Among the variegated treasures that made Martha Hyder’s home a feast for the eyes, perhaps none is quite as fascinating as her collection of Russian icons. Spanning several centuries and depicting a myriad of holy figures and events, the trove is valuable for its importance in religion and art history alone, as icons remain a major element of Orthodox Christianity’s artistic heritage. (Above: Icon of the Virgin and Child, Interior design by Kirill Istomin, and  Archangel with Scroll Icon.)

For today’s collectors, however, their appeal may be purely aesthetic. Featuring deep colors, strong contrasts, rich patinas, and the intricate metalwork found in their gilt or silvered covers and frames (called riza and basma, respectively), Russian icons captivate with their characteristic symbolic imagery, elongated figures, flattened perspectives, and gold highlights.

As rich in craftsmanship as they are in meaning, these minutely painted and decorated wood panels instantly draw the viewer’s gaze. If the resplendent, Icon of the Virgin and Child, stands out with its harmonious symmetrical curves and extensive use of gilt and deep reds, the soulful eyes and serious mien of the 17th-century, Icon of Saint John the Forerunner, mesmerizes just as much with its striking juxtaposition of dark cloak and golden wings. Equally arresting, the embossed metal aura of the early 19th-century, Icon of Saint Nicholas the Miracle Worker, radiates out from the tempera-painted wood surface and onto the frame itself, a wonderfully dynamic expression of the figure’s power and glory.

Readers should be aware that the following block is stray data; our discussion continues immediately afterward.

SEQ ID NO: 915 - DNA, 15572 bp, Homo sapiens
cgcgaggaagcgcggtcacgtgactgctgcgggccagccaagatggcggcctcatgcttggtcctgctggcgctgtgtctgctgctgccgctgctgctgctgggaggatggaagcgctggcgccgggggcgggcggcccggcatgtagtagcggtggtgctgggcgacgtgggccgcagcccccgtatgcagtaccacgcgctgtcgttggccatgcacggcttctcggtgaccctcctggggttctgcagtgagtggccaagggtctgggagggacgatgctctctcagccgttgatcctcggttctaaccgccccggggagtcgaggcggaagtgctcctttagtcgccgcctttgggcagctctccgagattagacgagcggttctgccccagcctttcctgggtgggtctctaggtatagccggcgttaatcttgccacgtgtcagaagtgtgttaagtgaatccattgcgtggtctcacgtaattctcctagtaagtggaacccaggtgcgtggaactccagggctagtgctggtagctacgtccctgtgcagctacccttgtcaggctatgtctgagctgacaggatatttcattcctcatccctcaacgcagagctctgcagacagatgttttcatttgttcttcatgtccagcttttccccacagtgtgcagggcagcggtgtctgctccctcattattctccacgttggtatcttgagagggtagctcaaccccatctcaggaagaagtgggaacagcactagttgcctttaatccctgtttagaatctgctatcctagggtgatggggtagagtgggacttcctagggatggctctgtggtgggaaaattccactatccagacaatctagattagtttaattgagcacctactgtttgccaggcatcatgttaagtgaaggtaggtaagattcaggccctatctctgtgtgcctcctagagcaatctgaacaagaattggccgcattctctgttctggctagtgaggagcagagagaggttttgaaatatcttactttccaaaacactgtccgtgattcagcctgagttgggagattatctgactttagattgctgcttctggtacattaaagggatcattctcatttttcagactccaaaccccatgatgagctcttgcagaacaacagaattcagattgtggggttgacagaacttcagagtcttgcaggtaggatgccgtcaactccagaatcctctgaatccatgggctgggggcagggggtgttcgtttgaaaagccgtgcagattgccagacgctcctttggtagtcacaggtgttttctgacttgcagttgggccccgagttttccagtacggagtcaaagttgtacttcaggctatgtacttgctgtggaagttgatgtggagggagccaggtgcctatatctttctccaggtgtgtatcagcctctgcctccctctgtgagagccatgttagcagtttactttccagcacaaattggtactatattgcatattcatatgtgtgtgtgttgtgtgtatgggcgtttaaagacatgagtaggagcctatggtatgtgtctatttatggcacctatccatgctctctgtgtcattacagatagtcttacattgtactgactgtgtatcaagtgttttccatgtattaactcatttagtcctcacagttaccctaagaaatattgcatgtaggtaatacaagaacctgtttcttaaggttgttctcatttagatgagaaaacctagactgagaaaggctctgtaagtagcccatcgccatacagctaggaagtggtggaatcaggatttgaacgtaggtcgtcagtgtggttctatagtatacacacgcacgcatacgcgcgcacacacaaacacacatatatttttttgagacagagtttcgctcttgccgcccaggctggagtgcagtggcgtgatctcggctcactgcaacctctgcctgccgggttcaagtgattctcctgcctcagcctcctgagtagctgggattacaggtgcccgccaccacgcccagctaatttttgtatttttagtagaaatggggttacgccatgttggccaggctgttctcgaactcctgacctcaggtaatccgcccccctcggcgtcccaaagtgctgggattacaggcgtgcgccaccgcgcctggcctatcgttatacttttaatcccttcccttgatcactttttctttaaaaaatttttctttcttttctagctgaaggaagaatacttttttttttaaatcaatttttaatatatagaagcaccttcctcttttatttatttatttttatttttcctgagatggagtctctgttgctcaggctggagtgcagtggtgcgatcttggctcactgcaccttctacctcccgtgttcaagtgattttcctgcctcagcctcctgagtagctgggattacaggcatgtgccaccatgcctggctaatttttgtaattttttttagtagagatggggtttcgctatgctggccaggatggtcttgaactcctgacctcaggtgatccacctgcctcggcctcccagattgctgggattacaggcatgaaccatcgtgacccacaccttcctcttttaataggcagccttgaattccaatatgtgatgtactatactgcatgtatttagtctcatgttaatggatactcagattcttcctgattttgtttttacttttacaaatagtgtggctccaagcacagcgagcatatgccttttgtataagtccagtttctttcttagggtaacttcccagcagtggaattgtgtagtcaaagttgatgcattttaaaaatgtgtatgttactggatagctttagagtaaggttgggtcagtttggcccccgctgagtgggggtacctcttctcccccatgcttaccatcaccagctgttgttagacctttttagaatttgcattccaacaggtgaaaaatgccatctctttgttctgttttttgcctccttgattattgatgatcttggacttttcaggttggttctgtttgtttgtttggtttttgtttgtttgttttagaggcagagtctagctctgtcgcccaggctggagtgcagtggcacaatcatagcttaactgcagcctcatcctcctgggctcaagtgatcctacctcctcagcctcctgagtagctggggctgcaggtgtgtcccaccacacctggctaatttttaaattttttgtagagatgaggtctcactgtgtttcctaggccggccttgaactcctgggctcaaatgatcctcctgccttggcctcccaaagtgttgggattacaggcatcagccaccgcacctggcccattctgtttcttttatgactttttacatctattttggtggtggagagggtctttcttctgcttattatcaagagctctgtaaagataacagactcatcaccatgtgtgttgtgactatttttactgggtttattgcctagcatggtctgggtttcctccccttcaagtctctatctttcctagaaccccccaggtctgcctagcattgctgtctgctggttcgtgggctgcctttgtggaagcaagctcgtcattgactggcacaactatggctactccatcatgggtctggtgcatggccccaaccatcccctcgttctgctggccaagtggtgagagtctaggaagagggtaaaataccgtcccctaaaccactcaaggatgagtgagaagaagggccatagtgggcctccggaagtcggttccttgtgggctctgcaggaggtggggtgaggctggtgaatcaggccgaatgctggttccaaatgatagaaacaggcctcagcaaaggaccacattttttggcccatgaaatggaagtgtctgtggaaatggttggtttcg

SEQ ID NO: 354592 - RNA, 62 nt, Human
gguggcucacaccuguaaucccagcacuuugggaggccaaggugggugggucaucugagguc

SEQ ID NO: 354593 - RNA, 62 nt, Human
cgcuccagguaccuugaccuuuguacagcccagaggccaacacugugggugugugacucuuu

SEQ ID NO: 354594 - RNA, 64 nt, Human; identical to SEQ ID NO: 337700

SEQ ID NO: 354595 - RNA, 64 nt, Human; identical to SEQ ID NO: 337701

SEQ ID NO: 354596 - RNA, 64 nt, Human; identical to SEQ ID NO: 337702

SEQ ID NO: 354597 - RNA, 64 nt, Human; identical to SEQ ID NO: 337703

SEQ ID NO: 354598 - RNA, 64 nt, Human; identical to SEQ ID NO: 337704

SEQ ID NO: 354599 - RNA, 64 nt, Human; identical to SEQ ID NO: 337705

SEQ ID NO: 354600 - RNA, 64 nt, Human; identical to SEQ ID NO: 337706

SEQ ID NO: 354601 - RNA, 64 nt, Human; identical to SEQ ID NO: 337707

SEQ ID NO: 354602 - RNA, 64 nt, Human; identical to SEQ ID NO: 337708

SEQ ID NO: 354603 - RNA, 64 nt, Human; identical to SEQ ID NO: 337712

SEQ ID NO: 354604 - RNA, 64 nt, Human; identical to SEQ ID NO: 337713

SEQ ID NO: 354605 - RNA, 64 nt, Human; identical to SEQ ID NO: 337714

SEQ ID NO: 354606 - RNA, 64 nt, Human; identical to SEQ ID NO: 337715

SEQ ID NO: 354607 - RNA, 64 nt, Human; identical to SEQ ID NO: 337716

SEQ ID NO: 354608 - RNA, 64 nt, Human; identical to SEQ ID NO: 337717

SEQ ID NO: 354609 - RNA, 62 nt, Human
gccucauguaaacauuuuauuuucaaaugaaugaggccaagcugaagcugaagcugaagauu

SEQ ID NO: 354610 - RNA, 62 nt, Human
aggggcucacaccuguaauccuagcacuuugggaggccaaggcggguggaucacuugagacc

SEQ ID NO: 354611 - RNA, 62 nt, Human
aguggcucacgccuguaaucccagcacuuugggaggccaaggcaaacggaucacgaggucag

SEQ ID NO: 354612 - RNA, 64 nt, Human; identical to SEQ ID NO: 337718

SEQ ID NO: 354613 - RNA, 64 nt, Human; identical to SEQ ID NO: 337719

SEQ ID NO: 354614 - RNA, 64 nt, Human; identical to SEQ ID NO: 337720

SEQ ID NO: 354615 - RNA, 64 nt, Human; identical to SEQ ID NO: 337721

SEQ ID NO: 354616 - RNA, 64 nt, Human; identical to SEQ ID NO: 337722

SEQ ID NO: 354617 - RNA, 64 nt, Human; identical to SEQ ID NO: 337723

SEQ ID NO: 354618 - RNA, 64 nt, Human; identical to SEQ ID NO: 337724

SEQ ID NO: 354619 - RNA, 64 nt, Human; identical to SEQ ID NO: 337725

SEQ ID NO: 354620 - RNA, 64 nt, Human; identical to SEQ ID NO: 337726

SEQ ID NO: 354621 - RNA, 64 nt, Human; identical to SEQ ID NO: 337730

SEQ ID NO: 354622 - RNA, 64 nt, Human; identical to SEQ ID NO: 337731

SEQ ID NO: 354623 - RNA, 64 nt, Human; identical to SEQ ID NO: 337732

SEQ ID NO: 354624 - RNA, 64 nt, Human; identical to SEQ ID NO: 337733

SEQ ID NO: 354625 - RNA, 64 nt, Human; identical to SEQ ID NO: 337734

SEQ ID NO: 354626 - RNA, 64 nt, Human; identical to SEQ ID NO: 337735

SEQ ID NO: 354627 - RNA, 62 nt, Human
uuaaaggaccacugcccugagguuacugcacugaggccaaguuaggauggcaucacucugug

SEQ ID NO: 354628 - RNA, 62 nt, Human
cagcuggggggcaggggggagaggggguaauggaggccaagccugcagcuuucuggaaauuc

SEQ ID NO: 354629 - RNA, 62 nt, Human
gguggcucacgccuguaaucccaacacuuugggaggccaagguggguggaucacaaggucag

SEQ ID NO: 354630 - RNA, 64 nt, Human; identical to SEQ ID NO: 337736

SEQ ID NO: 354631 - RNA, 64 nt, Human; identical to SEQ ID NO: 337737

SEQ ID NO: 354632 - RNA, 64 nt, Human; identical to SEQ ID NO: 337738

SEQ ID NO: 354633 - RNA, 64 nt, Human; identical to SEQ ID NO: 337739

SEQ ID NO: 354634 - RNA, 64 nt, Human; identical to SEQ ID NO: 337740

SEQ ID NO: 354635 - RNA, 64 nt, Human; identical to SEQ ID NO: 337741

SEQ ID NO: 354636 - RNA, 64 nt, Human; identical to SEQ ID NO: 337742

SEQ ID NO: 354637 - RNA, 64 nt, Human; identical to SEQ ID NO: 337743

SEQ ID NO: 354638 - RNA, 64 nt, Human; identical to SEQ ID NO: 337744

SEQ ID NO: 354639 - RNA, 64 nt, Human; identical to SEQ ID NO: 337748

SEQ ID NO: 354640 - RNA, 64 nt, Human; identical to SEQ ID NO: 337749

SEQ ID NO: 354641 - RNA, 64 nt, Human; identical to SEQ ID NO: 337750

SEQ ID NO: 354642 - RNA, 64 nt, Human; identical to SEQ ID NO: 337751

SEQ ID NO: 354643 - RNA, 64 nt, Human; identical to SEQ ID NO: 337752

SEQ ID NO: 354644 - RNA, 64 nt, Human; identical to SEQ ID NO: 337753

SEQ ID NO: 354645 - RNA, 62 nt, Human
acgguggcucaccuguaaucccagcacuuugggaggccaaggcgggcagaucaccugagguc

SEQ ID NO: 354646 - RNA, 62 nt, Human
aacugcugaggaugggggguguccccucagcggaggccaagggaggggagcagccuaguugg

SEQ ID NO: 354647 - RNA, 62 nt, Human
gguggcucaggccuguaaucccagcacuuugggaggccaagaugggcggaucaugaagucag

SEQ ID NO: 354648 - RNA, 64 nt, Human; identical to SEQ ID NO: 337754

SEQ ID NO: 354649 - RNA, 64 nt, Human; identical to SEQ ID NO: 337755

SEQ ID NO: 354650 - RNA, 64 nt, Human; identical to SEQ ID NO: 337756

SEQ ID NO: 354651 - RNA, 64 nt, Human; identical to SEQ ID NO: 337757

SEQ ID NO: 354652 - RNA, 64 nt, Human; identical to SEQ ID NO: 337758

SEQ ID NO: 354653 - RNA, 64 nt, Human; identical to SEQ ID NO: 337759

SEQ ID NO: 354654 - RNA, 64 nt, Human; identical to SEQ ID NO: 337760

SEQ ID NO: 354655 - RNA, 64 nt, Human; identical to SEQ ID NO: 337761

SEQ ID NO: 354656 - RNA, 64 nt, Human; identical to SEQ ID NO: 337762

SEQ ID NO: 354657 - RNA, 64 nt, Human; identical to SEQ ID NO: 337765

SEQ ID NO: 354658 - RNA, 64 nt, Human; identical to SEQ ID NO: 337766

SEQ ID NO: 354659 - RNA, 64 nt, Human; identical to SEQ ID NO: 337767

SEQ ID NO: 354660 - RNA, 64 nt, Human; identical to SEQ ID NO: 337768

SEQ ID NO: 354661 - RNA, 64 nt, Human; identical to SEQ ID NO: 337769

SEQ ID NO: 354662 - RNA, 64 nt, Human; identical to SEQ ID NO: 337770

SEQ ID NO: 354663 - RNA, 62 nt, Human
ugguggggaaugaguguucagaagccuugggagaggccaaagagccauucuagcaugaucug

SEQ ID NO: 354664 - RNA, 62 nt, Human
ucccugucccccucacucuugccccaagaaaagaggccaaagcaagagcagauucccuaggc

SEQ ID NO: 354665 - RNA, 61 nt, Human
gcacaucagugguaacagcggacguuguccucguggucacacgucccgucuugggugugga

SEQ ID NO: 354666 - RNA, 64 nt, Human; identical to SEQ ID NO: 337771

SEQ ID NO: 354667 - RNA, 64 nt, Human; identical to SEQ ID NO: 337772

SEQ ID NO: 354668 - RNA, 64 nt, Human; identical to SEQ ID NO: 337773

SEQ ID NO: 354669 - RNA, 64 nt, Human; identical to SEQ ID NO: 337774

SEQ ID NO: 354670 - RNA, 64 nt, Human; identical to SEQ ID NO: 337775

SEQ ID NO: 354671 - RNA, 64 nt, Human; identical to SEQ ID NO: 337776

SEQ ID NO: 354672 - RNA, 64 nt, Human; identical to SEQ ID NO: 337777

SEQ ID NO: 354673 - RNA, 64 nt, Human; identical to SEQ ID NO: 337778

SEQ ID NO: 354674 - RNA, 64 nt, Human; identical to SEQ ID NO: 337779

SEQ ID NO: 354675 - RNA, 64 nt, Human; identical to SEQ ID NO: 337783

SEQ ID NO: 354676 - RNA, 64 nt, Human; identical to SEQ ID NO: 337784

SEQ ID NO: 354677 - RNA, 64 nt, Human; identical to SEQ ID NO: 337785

While Martha showcased these works alongside many others, a more contemporary aesthetic may call for a grouping or a single piece on a wall. With its jewel- and bead-encrusted silver cover, brightly gilded cloak and auras, and abundant soft curves against a darker backdrop, this more austere, Icon of the Virgin and Child, would illuminate any room with its understated beauty and strong feeling of serenity and peace.

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